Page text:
between atom parameters. In addition, shifts calculated in other programs may
be used in place of the internal crystallographic least-squares routines. The
most frequently used is CRYLSQ in order to do rigid body refinement at early
stages of refinement.

When non-bonded energy terms are incorporated into the minimization process,
the symmetry related atoms are also included in the calculations. The
**neibor** option must have been used in PRECED previously to put
the necessary symmetry and translational operators on the bdf.The number of
interatomic interactions can become quite large and thus computing time can
increase greatly. Turning on the dynamics simulations allows for complete
subversion of a computer for vast amounts of time.

**Description of Some Input Lines**

**mode**** line:**

The **mod** option sets weights 1-5 to 1.0, and weights 6-8 to
0.0. The **ene** option sets weights 1-7 to 1.0 and the target
weight on hydrogen (weight 8) to a pseudo sigma of 25.0 or a weight of
1.0/25.0. **xta** turns on crystallographic least-squares cycle
while **ext** uses the previously calculated shifts and sigmas. The
previously calculated shifts could be from CEDAR (see the **xmode**
line) or CRYLSQ. Target atoms with larger estimated standard deviations can be
down weighted using the **sig** option.

**weight****, initwt and finlwt lines:**

If a **finlwt** line is included in addition to the
**weight** (**initwt**) line, the the weights will
change from the initial weighting to the final weighting in the number of
conjugate gradient refinement cycles requested. For example, a large target
weighting may be used initially and small target weighting at the end.

**xmode**** line:**

Only the isotropic B factor option works; anisotropic B factors have been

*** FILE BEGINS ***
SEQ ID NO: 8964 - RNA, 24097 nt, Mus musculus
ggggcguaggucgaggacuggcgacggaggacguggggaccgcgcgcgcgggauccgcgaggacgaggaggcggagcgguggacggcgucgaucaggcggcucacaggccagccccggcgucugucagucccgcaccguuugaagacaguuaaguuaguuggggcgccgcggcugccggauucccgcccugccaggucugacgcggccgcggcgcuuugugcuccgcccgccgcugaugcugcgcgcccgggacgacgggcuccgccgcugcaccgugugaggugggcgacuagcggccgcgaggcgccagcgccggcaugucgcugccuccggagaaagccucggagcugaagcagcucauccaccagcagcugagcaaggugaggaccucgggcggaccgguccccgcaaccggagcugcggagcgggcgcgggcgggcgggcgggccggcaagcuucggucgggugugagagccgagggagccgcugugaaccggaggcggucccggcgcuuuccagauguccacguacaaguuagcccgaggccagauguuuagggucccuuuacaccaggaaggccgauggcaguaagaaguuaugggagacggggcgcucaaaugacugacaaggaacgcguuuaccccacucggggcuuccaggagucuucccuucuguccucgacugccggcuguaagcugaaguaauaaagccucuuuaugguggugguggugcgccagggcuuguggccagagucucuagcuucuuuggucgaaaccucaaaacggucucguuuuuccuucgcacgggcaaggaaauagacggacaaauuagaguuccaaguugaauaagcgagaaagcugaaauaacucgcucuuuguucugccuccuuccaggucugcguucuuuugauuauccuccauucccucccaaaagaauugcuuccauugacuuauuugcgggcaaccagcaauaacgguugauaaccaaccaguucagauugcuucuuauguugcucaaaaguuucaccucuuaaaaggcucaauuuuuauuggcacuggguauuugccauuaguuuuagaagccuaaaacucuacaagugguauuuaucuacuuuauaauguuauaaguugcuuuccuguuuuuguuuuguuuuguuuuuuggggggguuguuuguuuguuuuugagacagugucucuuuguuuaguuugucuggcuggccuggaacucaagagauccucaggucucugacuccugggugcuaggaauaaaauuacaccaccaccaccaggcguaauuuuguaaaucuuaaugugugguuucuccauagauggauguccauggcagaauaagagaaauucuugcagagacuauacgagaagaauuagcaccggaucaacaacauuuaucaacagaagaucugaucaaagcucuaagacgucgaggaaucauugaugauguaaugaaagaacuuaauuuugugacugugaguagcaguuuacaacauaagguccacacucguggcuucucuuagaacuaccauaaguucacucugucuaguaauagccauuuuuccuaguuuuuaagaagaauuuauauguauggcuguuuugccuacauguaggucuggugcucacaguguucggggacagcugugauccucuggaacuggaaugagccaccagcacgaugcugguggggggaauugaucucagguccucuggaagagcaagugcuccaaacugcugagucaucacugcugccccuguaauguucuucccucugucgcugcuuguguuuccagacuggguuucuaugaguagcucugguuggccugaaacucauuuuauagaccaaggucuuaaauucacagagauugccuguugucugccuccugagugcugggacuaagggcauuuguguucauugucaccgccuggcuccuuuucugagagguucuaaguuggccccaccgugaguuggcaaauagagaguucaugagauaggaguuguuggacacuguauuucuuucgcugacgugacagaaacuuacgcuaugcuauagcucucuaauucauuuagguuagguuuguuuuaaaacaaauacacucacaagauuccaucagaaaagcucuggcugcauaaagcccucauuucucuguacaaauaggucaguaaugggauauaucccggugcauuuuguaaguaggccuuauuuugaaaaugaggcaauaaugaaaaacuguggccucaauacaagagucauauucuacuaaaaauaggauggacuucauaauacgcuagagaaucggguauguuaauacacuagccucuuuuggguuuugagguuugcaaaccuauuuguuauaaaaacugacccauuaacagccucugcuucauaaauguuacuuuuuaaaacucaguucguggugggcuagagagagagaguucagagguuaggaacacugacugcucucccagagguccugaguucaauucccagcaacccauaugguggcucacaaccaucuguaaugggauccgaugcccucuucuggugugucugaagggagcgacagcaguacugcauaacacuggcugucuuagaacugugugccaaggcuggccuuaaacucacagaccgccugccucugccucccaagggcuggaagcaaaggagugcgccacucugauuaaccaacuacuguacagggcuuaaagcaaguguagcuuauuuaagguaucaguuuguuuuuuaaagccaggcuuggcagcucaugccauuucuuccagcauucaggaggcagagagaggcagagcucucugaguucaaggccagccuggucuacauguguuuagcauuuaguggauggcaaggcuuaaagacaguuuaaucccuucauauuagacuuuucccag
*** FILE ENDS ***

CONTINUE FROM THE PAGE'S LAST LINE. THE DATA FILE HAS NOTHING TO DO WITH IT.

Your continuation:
coded in but not activated and tested. The **pre** option puts the
input atomic coordinates into the previous atomic coordinate fields on the
output bdf and the currently refined coordinates in the current coordinate
fields. A similar option exists on some versions of CRYLSQ. The
**ext** option on the **mode** line uses the previous
and current coordinates to calculate shifts. The **fca**,
**fxe** and **fxa** options allow inclusion but no
refinement of additional atoms, for example, hydrogens. **fca**
uses the A(calc) and B(calc) stored on the bdf and adds them into the terms
calculated in this run. The fixed A and B are over-written and lost. In the
**fxe** option the A(calc) and B(calc) are strored for future use
in the fields reserved for them on the bdf and also applied. The
**fxa** option used the valued stored in the fixed atom
contribution fields on the bdf, but doesn't modifiy them. The
**ski** option calculates the FC and partial derivatives for every
nth reflection. This allows for an estimate of the R-factor to be calculated
with the FC option. It is not recommended for the least-squares refinement.

**xlimit**** line:**

B factors are reset to be between the minimum and maximum limits before each